x Abu Dhabi, UAEWednesday 26 July 2017

Fans are off limits to player violence

Rick Rypien crossed one of the uncrossable lines in sport when he grabbed a fan by the jersey in Minnesota last week. Regardless of what the fan said, there is no excuse for getting physical.

It does not happen often, but when it does … well, you had better watch out for the backlash.

Rick Rypien, the Vancouver Canucks role player, crossed one of the uncrossable lines in sport when he grabbed a fan by the jersey in Minnesota last week. Rypien accosted the Wild supporter – who was seated in the first row behind Vancouver's bench, near a tunnel that Rypien was walking down after being ejected from the game – for only a second.

Regardless of what the fan said – he claims it was an innocuous "way to be professional" comment that set off Rypien – there is no excuse for getting physical.

The optics of player-on-fan violence is something that no professional sports leagues want to deal with, nor should they have to.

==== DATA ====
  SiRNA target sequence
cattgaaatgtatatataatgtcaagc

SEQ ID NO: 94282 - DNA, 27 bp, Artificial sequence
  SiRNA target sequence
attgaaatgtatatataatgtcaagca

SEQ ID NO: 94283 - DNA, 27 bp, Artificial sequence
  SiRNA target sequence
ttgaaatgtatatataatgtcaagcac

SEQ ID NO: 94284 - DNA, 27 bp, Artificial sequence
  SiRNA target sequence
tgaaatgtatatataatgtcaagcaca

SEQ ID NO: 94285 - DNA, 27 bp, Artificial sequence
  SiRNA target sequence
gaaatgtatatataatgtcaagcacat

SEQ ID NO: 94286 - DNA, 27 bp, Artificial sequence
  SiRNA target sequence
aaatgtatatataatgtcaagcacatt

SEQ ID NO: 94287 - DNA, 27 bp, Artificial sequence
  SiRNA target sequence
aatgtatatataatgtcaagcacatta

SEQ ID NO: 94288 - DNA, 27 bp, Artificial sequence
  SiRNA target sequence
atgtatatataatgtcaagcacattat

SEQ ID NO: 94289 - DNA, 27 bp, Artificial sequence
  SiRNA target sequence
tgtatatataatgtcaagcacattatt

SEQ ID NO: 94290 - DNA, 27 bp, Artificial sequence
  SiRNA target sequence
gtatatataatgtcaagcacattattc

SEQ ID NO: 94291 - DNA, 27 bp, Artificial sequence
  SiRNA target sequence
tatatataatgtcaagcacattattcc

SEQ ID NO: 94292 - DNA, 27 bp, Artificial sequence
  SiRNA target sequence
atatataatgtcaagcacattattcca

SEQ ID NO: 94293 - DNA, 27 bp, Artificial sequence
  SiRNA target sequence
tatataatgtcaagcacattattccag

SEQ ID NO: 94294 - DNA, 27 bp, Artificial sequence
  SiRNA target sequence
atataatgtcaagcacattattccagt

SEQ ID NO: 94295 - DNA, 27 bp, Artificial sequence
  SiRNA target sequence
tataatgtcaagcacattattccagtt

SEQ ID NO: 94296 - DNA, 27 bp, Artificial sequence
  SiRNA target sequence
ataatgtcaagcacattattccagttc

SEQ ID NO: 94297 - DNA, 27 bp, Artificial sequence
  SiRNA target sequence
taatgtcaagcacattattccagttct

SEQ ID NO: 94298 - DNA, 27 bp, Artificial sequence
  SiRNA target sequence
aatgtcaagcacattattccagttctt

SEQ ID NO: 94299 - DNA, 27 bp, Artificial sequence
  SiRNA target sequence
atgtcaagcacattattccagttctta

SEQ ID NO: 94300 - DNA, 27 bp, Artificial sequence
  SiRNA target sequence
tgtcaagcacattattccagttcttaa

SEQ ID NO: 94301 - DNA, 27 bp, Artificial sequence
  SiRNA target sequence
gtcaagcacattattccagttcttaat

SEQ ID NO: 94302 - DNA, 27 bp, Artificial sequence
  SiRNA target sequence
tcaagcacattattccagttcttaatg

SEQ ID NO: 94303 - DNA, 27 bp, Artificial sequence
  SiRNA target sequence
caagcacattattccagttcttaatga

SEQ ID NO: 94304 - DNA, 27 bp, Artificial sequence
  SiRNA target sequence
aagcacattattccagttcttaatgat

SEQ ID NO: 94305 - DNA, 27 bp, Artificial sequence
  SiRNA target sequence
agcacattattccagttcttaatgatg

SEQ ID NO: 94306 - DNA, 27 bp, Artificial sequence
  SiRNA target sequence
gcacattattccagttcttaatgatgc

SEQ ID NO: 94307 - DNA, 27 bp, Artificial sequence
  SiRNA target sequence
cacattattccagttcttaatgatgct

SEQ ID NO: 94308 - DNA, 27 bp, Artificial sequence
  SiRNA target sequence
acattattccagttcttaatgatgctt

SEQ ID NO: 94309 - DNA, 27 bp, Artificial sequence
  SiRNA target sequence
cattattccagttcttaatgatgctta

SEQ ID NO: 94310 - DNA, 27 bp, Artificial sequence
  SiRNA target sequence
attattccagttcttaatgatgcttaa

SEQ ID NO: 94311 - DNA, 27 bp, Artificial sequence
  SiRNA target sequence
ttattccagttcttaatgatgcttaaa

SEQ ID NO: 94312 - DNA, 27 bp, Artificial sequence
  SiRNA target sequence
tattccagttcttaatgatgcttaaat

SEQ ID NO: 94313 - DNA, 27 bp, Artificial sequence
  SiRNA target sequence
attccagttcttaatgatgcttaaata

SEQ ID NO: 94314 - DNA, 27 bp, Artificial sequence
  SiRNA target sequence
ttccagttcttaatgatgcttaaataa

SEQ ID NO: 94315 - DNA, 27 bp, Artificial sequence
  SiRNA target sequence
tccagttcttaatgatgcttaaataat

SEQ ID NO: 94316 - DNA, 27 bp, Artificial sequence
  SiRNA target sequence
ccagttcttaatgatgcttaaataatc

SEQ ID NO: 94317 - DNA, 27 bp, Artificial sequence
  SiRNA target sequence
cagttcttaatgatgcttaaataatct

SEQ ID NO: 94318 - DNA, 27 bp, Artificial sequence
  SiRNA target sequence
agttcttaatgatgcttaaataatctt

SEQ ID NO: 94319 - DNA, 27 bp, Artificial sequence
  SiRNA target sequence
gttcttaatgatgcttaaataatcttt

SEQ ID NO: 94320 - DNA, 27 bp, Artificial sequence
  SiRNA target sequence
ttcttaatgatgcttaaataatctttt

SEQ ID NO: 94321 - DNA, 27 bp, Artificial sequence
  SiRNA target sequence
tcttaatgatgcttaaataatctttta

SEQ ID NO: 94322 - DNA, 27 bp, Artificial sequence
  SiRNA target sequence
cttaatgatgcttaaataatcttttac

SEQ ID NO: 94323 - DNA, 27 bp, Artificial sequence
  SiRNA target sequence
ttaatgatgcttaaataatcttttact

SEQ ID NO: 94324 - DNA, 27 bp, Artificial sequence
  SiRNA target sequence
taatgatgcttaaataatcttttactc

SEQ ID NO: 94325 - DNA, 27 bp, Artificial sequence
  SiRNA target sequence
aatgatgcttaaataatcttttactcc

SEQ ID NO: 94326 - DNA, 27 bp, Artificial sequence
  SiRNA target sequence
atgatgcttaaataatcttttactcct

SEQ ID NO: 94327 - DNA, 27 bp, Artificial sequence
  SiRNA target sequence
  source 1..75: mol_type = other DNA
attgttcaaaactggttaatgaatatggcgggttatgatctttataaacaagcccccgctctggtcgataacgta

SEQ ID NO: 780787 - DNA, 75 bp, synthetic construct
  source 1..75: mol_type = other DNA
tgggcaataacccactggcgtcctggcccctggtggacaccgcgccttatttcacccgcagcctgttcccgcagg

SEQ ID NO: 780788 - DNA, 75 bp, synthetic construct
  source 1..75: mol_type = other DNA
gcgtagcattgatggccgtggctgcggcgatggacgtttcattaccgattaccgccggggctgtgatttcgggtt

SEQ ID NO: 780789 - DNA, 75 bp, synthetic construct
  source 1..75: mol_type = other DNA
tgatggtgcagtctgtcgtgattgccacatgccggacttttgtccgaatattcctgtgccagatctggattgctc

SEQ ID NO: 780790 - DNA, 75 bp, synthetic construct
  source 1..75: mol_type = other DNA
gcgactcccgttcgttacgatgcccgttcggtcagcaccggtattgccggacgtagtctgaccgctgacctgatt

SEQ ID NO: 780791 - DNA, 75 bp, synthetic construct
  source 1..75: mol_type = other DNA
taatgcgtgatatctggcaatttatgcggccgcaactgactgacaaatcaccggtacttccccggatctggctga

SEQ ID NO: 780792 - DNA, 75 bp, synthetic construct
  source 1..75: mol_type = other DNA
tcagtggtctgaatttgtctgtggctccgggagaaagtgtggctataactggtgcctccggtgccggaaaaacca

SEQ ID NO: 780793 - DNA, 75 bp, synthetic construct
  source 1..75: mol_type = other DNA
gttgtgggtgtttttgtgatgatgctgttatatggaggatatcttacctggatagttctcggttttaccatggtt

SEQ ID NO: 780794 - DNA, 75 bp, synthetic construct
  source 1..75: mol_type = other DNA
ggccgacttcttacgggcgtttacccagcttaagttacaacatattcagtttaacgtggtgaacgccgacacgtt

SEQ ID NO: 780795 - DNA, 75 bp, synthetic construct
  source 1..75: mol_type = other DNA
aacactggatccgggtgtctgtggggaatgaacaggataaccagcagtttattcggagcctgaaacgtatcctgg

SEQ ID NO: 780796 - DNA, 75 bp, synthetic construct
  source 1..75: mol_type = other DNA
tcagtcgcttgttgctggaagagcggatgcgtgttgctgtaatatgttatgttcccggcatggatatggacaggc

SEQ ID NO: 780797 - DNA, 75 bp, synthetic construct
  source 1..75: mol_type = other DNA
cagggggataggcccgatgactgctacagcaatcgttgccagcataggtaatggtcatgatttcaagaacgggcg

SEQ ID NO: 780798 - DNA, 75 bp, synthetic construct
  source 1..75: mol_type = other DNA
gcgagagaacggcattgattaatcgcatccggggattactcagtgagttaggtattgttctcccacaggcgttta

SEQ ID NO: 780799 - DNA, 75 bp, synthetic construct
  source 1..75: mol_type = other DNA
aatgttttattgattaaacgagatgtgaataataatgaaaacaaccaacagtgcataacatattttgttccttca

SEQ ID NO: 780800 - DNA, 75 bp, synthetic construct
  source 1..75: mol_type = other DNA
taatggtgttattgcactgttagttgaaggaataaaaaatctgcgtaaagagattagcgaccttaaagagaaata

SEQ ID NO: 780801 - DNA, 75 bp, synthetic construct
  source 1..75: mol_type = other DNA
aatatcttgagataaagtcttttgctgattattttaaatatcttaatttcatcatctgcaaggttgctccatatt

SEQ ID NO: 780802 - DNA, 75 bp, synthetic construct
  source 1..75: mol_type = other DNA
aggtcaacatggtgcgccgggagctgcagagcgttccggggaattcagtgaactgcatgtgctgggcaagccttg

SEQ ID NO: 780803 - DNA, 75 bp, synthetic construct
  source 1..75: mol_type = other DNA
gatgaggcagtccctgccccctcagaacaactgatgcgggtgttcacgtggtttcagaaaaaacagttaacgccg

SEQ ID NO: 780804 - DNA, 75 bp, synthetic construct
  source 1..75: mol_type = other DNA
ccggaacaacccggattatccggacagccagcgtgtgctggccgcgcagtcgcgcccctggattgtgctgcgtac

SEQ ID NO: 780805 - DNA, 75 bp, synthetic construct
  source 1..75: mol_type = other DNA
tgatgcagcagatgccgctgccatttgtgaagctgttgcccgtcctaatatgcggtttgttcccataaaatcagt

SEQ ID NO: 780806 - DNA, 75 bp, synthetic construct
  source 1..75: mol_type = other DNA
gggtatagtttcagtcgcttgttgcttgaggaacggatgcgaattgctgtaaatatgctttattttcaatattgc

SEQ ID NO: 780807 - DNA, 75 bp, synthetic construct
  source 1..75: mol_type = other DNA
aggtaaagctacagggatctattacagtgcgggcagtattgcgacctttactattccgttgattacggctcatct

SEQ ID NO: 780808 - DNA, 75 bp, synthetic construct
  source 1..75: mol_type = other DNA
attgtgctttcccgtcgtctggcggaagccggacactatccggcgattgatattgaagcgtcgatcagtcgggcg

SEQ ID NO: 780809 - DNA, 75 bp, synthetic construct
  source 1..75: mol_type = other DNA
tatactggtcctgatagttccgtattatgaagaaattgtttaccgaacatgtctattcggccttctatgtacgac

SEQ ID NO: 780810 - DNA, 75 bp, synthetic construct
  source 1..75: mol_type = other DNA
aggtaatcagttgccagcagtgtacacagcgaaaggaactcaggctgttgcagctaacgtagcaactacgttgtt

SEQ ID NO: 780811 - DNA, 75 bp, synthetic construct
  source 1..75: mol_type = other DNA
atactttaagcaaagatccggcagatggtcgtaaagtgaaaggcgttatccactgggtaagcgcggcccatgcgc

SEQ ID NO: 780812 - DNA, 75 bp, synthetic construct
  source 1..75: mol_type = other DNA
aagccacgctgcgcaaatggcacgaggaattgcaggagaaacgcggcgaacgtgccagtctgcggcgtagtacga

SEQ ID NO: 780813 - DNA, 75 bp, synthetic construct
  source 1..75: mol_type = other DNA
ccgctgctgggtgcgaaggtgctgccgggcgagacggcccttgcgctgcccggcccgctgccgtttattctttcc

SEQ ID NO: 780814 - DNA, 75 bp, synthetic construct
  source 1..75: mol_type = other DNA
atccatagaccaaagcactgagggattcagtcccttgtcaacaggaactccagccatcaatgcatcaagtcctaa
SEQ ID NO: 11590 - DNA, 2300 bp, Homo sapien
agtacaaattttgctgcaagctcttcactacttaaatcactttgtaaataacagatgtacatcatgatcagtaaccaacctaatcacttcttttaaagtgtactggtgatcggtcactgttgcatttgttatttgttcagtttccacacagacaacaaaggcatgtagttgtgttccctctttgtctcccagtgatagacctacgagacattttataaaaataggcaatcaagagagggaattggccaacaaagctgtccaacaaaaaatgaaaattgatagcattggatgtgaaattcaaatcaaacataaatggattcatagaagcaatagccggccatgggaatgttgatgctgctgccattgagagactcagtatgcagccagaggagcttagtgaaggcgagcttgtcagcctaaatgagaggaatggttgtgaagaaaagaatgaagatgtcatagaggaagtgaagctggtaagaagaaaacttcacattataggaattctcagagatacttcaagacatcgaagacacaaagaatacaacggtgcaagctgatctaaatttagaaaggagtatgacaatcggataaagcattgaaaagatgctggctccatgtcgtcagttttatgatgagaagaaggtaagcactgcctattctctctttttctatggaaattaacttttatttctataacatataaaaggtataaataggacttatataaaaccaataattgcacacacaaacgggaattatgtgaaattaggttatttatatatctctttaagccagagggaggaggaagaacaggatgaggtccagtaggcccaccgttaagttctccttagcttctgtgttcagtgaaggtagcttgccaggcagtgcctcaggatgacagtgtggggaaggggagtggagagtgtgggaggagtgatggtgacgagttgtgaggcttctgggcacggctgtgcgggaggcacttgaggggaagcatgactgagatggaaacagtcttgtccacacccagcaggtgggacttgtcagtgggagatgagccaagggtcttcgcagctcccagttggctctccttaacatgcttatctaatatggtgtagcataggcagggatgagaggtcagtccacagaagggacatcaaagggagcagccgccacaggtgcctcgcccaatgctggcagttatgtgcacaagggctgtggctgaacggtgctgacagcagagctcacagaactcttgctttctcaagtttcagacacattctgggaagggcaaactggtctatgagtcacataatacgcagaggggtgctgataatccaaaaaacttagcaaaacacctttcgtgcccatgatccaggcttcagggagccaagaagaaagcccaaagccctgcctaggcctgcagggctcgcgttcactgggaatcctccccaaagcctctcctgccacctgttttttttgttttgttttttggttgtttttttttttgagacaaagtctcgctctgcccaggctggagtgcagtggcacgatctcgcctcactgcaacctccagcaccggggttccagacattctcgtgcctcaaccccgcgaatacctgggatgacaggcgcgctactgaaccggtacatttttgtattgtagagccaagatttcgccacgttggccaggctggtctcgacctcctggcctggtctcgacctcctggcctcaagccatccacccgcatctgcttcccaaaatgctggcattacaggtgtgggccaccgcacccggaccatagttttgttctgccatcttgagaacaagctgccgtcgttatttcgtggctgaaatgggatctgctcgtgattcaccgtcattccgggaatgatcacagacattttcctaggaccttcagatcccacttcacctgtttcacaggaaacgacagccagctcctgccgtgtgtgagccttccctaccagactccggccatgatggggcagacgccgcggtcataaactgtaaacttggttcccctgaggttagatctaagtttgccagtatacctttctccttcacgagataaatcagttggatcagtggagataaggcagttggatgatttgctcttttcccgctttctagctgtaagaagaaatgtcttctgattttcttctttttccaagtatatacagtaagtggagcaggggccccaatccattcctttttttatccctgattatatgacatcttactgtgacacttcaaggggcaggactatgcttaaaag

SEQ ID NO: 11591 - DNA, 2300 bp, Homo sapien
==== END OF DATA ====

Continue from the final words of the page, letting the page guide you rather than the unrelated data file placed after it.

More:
Rypien had barely let go of the fan's jersey before the puck pundits were predicting a lengthy suspension and debating the fan-player parameters.

The best guess was that Rypien would be banned for anywhere from 10 to 20 games as the league would want to send a forceful message that you cannot lay a finger on the paying customers.

In the end, Rypien will miss seven games. It is a sensible sentence, one that communicates to players and fans alike that the NHL will not put up with over-the-line behaviour.

At the same time, it is not an over-reaction, as a 20-game ban would have been. Rypien crossed the line - just - and he immediately realised and let go of the fan. The punishment fits the crime, and the message has been sent.

smccaig@thenational.ae